During my time in Kolkata, India I was able to visit the Mother House, where the Sisters of Charity carry on the work of Mother Teresa. The building itself is difficult to find, and unmarked except for a simple wooden door and a gold colored name plate on the side that reads Mother’s name. Two little boys had been sitting on the doorstep making paper airplanes as we waited for the door to be opened. I figured that happened when she was still around, too.

A sister, in the same blue and white sari that Mother Teresa was famous for wearing, led us quietly to the tomb. Other sisters were kneeling nearby and singing a hymn quietly together. A few women from the neighborhood passed back and forth through the open entry way, clearly on business. There weren’t many of us, but Indians, Westerners, and Europeans sat together in silence, listening to the hymn and looking at the tomb. It read, “Love one another as I have loved you”. Flower petals were placed carefully below, also reading, “love begins at home.”

A few minutes later we explored the tiny museum next door with some of Mother Teresa’s belongings and her life story. I stopped in front of one poster called “The Darkness.”

I’ve heard Mother Teresa’s name my whole life. I’ve even read a few of her books, mostly simple sermons on loving the poor and the spiritually needy. But somehow I had missed this important piece.

Basically, Mother Teresa wrote down her intense conversations with God, but she eventually reached a point where she could no longer feel him or hear him. She called this The Darkness, and Jesus was the Absent One.

Reading that felt like a rock in my heart. I know it sounds silly, but I wish she had still been there so I could give her a hug and let her know she wasn’t alone. I’ve been in the darkness before. I have a feeling I’m not alone in that either, but I hardly expected company such as Mother Teresa. Doubt is not something to mess with. It’s hard, it’s hurtful, it’s painful and it’s the loneliest place on earth.

I don’t have all the answers. Knowing one of the most famous Christian women on earth didn’t have all the answers either is simultaneously encouraging and scary as hell. But there’s something about faith.

If you are in The Darkness, good. It’s a process and it may hurt more than anything else has ever hurt you before. But stick it out. Don’t give up. Keep questioning and searching and pulling and reaching and live a life of love, even when that love feels so far away. God is there.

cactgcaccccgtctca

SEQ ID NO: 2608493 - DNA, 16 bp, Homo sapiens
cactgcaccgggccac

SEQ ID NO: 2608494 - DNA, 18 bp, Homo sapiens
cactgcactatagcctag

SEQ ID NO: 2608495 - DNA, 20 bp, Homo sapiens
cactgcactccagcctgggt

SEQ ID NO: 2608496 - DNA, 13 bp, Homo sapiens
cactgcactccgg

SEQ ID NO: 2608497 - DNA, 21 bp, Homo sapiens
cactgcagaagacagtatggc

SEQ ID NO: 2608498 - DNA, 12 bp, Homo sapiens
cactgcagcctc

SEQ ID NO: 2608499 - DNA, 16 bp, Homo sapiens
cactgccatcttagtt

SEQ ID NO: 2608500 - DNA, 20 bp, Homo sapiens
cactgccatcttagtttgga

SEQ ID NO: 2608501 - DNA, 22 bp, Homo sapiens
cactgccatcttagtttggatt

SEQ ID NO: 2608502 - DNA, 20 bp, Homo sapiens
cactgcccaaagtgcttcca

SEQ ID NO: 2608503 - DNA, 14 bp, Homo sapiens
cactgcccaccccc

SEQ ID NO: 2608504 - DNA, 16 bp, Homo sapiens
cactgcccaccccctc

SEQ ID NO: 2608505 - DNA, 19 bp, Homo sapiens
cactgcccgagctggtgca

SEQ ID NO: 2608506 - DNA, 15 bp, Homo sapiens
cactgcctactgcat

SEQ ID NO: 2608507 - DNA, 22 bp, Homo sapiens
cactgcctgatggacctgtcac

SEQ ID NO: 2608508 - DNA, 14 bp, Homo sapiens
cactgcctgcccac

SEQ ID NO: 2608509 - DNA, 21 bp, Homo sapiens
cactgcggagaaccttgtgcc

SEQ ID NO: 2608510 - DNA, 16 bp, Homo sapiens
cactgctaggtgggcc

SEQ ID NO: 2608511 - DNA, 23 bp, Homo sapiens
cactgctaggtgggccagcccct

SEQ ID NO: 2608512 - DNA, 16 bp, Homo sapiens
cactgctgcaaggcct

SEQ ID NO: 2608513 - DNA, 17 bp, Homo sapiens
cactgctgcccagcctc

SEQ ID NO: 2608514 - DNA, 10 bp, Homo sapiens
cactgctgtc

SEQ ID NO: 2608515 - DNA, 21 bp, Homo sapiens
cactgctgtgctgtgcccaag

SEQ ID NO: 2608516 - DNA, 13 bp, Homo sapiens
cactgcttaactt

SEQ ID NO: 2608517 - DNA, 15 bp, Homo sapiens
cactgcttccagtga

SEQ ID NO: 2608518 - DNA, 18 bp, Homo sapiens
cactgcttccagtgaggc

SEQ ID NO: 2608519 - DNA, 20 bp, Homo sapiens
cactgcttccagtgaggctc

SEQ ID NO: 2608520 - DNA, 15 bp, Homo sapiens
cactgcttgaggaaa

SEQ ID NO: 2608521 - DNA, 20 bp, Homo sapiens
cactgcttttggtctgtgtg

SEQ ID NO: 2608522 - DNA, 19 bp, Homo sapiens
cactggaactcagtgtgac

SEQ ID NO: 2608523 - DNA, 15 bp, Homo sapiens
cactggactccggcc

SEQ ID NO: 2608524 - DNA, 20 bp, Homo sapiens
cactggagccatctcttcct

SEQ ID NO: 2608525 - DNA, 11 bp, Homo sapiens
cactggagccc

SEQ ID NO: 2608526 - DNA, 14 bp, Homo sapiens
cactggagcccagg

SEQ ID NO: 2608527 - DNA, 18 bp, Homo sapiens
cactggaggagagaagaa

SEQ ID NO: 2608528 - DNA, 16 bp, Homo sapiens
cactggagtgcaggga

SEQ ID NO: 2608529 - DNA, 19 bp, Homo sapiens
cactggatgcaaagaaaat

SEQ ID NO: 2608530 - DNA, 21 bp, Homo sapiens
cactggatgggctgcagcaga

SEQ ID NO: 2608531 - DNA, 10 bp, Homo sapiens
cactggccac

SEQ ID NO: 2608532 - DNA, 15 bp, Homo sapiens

Maybe Mother Teresa couldn’t feel God for a while, but hearing the hymn of the other women who have given their lives to her and God’s work, he was there, he was multiplied, and the world was changed.  If it comes down to a decision, faith or feeling, choose faith. I can’t promise anything, but I’m pretty sure you won’t regret it.

Sophia Sighting: Himalayas


By: Jenni Taylor

Location: Himachal Pradesh, North India

While travelling through North India, my group and I stopped for breakfast on the side of the road. We were surrounded by mountains, and could watch the river beneath the drop off. Below the coffee shop, I sneaked a peek at a grandfather teaching his granddaughter how to walk. He saw me watching and looked up with a smile. I could see Sophia here in the shadow of the mountains, love being passed down the generations from his wrinkled hands to her baby fat ones. Age, place, language, culture and time did not matter here. Just family love, smiling up at me.

Manu Temple

By: Jenni Taylor

I met a woman today. I smiled at her and she half smiled back. I motioned to my camera, asking permission to snap a photo. She nodded her head graciously and gave another half smile as I clicked away.

She was crouched on the ground, listening to the other temple women chatting nearby as they all kneaded the wool in their hands around simple wooden spindles, wrapping yards of yarn around their elbows and arms as the strands became longer. They were all in the sun, soaking up the heat from the ancient stones beneath them.

It was March, but the nights were still bitter and the sunshine was a treat in this valley of the Himalayas. Men, women and children were all around them, taking off their shoes, entering the temple, ringing the bell above the door to awaken the gods and taking pictures of their families on this particular holy day. The women continued their work, mostly oblivious to the movement around them. One women lay down on the stone to take a cat nap in the warm sunshine.

I entered the temple, came out again, snapped the picture of the woman sitting alone, continued walking around. A sign told the story of Manu and the flood, and how the caste system had been created. For some reason I came back to her. There was something about her wrinkles and her half smile and her loneliness setting her apart from the other old women. I wanted to give her something, anything. I began to dig through my purse. Money? No. She’s not a beggar. Chapstick? That’s just silly. I finally found a pair of pink woolen mittens at the bottom of my bag. Perfect. I walked up to the woman for a second time, this time coming close and bringing my hands together in the traditional Indian namaste greeting. We couldn’t speak each other’s language, but it was enough.

I bowed to her, smiled, and handed her the mittens. She chuckled a bit from surprise, but took them and gave me a deep nod, with a real smile this time. As I walked away, the other women had stepped closer, murmuring about the gift and the unexpected bit of good fortune. She was gently tugging the mittens on and wiggling her thumbs in their warmth. I bowed to her again before leaving and she smiled, waving a pink hand at me before I disappeared around the corner.